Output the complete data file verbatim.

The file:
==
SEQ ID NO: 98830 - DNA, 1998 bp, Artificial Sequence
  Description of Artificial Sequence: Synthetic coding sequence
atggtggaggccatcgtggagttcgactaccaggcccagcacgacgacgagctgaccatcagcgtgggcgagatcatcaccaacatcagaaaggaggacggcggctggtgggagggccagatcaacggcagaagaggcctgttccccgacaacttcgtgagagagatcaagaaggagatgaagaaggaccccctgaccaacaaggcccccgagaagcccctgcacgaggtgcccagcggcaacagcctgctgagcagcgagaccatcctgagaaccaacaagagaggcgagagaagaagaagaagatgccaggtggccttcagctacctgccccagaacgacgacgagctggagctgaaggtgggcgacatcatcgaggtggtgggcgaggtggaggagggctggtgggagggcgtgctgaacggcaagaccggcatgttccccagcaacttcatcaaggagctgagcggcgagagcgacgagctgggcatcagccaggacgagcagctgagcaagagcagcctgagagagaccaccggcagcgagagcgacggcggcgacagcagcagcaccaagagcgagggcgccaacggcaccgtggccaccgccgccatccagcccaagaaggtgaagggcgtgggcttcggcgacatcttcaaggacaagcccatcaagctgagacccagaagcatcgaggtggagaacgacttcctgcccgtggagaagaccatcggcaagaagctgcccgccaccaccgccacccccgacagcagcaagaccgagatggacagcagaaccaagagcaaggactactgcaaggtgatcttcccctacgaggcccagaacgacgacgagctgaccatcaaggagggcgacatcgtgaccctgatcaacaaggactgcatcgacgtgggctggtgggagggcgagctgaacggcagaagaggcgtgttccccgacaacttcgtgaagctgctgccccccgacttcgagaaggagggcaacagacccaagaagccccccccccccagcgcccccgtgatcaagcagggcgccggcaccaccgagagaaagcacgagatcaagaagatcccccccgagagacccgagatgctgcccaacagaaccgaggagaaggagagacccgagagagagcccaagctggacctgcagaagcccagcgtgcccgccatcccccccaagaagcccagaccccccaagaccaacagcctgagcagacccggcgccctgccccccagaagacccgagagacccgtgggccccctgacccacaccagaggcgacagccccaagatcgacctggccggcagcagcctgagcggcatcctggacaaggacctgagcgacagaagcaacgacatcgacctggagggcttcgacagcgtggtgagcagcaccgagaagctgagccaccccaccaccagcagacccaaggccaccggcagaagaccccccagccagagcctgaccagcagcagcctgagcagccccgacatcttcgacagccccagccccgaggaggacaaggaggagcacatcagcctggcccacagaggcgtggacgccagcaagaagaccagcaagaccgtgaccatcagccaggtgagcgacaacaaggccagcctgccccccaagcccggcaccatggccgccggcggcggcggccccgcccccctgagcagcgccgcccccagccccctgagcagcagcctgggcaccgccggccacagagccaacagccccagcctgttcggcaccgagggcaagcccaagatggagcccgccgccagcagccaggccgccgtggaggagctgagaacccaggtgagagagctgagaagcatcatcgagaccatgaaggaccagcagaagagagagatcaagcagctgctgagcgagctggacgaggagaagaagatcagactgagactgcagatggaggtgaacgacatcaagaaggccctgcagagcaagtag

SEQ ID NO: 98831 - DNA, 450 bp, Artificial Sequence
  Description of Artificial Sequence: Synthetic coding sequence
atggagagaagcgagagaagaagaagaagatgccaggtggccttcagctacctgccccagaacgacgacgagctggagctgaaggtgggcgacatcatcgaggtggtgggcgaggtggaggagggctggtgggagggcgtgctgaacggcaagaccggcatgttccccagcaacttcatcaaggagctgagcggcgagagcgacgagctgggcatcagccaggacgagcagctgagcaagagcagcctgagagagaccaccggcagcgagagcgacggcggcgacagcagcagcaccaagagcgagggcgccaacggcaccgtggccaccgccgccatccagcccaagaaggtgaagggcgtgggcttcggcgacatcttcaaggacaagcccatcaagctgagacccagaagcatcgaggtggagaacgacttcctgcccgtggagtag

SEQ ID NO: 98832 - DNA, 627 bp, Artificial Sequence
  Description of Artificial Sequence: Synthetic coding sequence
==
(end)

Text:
SEQ ID NO: 98830 - DNA, 1998 bp, Artificial Sequence
  Description of Artificial Sequence: Synthetic coding sequence
atggtggaggccatcgtggagttcgactaccaggcccagcacgacgacgagctgaccatcagcgtgggcgagatcatcaccaacatcagaaaggaggacggcggctggtgggagggccagatcaacggcagaagaggcctgttccccgacaacttcgtgagagagatcaagaaggagatgaagaaggaccccctgaccaacaaggcccccgagaagcccctgcacgaggtgcccagcggcaacagcctgctgagcagcgagaccatcctgagaaccaacaagagaggcgagagaagaagaagaagatgccaggtggccttcagctacctgccccagaacgacgacgagctggagctgaaggtgggcgacatcatcgaggtggtgggcgaggtggaggagggctggtgggagggcgtgctgaacggcaagaccggcatgttccccagcaacttcatcaaggagctgagcggcgagagcgacgagctgggcatcagccaggacgagcagctgagcaagagcagcctgagagagaccaccggcagcgagagcgacggcggcgacagcagcagcaccaagagcgagggcgccaacggcaccgtggccaccgccgccatccagcccaagaaggtgaagggcgtgggcttcggcgacatcttcaaggacaagcccatcaagctgagacccagaagcatcgaggtggagaacgacttcctgcccgtggagaagaccatcggcaagaagctgcccgccaccaccgccacccccgacagcagcaagaccgagatggacagcagaaccaagagcaaggactactgcaaggtgatcttcccctacgaggcccagaacgacgacgagctgaccatcaaggagggcgacatcgtgaccctgatcaacaaggactgcatcgacgtgggctggtgggagggcgagctgaacggcagaagaggcgtgttccccgacaacttcgtgaagctgctgccccccgacttcgagaaggagggcaacagacccaagaagccccccccccccagcgcccccgtgatcaagcagggcgccggcaccaccgagagaaagcacgagatcaagaagatcccccccgagagacccgagatgctgcccaacagaaccgaggagaaggagagacccgagagagagcccaagctggacctgcagaagcccagcgtgcccgccatcccccccaagaagcccagaccccccaagaccaacagcctgagcagacccggcgccctgccccccagaagacccgagagacccgtgggccccctgacccacaccagaggcgacagccccaagatcgacctggccggcagcagcctgagcggcatcctggacaaggacctgagcgacagaagcaacgacatcgacctggagggcttcgacagcgtggtgagcagcaccgagaagctgagccaccccaccaccagcagacccaaggccaccggcagaagaccccccagccagagcctgaccagcagcagcctgagcagccccgacatcttcgacagccccagccccgaggaggacaaggaggagcacatcagcctggcccacagaggcgtggacgccagcaagaagaccagcaagaccgtgaccatcagccaggtgagcgacaacaaggccagcctgccccccaagcccggcaccatggccgccggcggcggcggccccgcccccctgagcagcgccgcccccagccccctgagcagcagcctgggcaccgccggccacagagccaacagccccagcctgttcggcaccgagggcaagcccaagatggagcccgccgccagcagccaggccgccgtggaggagctgagaacccaggtgagagagctgagaagcatcatcgagaccatgaaggaccagcagaagagagagatcaagcagctgctgagcgagctggacgaggagaagaagatcagactgagactgcagatggaggtgaacgacatcaagaaggccctgcagagcaagtag

SEQ ID NO: 98831 - DNA, 450 bp, Artificial Sequence
  Description of Artificial Sequence: Synthetic coding sequence
atggagagaagcgagagaagaagaagaagatgccaggtggccttcagctacctgccccagaacgacgacgagctggagctgaaggtgggcgacatcatcgaggtggtgggcgaggtggaggagggctggtgggagggcgtgctgaacggcaagaccggcatgttccccagcaacttcatcaaggagctgagcggcgagagcgacgagctgggcatcagccaggacgagcagctgagcaagagcagcctgagagagaccaccggcagcgagagcgacggcggcgacagcagcagcaccaagagcgagggcgccaacggcaccgtggccaccgccgccatccagcccaagaaggtgaagggcgtgggcttcggcgacatcttcaaggacaagcccatcaagctgagacccagaagcatcgaggtggagaacgacttcctgcccgtggagtag

SEQ ID NO: 98832 - DNA, 627 bp, Artificial Sequence
  Description of Artificial Sequence: Synthetic coding sequence